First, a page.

World expects Japan to do more to extend cluster bomb ban (Japan)

Japan's Foreign Minister Hirofumi Nakasone, center, attends the signing ceremony of a treaty banning the use of cluster bombs in Oslo, Norway, on Dec. 3. (AP)


"Honestly, we are happy that Japan signed the agreement," said a top official of the Ministry of Foreign Affairs (MOFA) on Dec. 4, still somewhat surprised that over 90 nations altogether signed the treaty banning cluster bombs. The official seems relieved that Japan was not late in riding the international tide.

In February 2007, Norway and voluntary nations, along with non-governmental organizations, adopted the Oslo Declaration seeking conclusion of a treaty by the end of 2008. Treaty negotiations sped up and the treaty was signed after a mere year and 10 months.

Japan had earlier remained undecided on the pact and drew criticism. Then this May, the government moved toward signing the treaty, following the "wish" of then Prime Minister Yasuo Fukuda to embrace the international tendency towards prohibition. After that, the government switched its attitude to a proactive stance. They decided to literally "abandon all" cluster bombs, not only abandoning four types of existing cluster bombs, but also passing on introducing the "newest" cluster bomb made by Germany and France that was exempt from the regulation.

Incumbent Prime Minister Taro Aso hailed the signing as "historical." The government also shows strong ambitions on getting together with other nations to encourage the United States, China and Russia to sign it.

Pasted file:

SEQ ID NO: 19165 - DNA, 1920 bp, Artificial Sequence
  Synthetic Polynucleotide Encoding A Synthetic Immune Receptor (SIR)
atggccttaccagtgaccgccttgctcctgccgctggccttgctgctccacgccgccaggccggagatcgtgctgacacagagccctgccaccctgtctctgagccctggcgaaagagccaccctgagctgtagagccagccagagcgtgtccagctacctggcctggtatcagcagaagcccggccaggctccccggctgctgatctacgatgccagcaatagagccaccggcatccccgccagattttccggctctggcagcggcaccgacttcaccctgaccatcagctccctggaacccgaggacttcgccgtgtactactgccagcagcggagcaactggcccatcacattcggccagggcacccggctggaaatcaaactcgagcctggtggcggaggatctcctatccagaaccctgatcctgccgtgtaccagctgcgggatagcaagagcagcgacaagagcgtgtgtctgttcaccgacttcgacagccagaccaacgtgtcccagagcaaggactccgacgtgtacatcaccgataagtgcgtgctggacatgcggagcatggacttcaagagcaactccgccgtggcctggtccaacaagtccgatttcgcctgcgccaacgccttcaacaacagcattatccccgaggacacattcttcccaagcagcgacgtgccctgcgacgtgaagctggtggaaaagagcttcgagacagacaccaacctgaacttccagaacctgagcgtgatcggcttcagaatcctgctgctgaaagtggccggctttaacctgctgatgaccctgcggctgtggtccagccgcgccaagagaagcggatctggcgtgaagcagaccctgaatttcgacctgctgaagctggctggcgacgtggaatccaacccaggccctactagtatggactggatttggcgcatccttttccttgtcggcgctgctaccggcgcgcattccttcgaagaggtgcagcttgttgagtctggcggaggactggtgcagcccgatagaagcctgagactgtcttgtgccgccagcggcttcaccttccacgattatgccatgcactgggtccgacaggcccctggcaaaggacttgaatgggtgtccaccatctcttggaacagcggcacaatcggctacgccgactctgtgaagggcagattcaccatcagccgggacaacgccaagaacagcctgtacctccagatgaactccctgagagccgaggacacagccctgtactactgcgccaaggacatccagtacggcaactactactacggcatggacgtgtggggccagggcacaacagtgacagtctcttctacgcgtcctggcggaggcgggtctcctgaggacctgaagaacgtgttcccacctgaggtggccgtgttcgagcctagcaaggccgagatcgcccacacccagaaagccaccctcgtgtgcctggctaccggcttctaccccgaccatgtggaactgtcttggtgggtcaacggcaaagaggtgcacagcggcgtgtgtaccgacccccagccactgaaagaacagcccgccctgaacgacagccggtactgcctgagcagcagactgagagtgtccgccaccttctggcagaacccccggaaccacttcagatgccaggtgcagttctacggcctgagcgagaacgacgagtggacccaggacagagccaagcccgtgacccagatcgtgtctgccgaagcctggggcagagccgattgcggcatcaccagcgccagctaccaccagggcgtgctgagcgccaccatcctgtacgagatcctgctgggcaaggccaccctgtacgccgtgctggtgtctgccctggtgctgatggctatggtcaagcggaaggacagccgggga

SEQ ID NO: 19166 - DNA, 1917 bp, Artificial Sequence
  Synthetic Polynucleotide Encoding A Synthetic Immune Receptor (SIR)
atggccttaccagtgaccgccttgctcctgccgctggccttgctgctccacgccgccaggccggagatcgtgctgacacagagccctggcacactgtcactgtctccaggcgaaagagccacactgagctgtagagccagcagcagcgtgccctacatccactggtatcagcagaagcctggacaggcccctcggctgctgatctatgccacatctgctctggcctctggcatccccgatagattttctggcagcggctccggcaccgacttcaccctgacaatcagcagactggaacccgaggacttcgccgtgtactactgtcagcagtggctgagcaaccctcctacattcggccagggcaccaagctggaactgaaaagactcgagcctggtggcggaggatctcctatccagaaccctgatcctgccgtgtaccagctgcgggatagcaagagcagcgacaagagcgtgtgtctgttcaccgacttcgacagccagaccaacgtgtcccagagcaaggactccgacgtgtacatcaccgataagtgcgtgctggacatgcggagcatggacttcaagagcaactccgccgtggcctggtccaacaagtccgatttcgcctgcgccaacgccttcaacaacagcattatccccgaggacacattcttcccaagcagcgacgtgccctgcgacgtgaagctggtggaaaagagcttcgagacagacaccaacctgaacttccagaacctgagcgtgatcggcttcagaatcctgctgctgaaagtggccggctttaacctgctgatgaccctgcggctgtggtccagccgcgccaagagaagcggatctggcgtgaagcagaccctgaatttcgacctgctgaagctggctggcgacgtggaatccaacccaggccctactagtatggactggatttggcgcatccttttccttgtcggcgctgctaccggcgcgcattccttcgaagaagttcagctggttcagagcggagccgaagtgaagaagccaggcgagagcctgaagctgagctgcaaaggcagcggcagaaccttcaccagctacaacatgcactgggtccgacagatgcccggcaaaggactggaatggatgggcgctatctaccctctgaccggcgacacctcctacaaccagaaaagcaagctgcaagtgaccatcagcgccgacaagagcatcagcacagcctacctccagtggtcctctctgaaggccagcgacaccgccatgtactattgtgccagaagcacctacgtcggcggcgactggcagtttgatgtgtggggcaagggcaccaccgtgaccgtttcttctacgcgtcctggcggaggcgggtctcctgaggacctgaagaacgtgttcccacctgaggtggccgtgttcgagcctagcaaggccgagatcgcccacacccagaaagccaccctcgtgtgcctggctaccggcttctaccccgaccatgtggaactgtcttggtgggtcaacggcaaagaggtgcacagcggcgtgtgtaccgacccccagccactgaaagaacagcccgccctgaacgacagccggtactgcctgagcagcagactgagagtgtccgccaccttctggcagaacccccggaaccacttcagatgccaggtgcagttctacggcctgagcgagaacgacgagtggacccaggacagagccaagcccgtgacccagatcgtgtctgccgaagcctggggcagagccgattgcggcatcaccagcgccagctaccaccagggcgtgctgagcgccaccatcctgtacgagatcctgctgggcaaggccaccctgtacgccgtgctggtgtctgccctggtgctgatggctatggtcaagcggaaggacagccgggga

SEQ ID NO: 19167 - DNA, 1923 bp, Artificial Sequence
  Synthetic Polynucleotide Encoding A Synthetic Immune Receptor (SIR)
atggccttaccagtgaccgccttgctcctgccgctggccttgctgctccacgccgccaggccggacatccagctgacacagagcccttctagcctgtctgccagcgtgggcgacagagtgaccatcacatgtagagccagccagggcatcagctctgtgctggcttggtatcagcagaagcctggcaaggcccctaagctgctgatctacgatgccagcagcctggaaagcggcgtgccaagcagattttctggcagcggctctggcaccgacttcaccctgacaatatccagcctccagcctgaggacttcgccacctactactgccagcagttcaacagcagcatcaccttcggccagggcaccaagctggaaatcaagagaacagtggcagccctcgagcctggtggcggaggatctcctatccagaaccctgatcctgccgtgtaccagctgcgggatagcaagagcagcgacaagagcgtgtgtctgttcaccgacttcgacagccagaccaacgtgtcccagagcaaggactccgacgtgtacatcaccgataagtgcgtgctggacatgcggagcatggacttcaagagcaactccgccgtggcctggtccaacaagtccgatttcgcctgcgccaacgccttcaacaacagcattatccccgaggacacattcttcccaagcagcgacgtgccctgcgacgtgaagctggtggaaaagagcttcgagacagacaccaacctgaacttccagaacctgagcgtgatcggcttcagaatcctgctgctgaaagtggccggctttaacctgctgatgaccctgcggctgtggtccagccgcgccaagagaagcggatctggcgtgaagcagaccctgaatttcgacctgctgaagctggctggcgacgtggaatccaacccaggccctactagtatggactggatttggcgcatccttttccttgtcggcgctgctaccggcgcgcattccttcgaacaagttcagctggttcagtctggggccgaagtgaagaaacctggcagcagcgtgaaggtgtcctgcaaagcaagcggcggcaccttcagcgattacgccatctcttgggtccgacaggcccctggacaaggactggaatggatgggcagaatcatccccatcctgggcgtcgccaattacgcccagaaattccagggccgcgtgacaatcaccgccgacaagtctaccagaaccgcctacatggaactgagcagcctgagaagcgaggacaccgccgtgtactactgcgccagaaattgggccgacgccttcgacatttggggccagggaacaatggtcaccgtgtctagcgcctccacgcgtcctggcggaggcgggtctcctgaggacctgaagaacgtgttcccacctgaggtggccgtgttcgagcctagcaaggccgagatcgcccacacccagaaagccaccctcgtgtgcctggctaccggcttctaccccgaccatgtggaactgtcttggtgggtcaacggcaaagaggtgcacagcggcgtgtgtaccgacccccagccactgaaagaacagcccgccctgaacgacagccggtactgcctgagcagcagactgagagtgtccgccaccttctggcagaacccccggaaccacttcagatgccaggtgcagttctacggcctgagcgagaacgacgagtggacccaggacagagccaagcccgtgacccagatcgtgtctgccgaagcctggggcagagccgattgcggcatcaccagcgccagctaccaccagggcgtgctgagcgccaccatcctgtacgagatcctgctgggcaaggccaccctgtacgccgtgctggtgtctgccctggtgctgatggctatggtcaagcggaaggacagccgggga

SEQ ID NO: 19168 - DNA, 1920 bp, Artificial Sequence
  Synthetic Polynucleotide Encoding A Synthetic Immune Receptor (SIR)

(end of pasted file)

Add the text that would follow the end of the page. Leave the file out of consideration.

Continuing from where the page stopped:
The government was able to switch to such a confident attitude as the pending problem of the Japan-U.S. coalition was settled. In the negotiations for the treaty, "the final line" for compromise was not to obstruct the use of cluster bombs by the U.S. A clause stating acceptance of a joint military operation with non-signatories was included by the "tough advocacy" of Japan, according to a top MOFA official. The unpleasant reality is that Japan is encouraging the U.S. to join the pact while helping it slip through the net.

"For Norway, Japan is a potent partner in disarmament and nonproliferation," said Norwegian Foreign Minister Jonas Gahr Store as he bestowed unexpected praise on Foreign Minister Hirofumi Nakasone when they met in Oslo before the signing. The hidden agenda appears to call Japan into this new system by concerned governments and civil society working together on their own to promote elimination of problematic weapons without depending on the conventional frame of arms control. Yet Japanese MOFA officials do not seem to be getting the message. The world has a deep-seated desire for Japan to depart from its defensive attitude and work positively in the global arena for arms control.

Von: 10.12.2008, By Mayumi Otani and Yukihiko Machida, Mainichi Shimbun,

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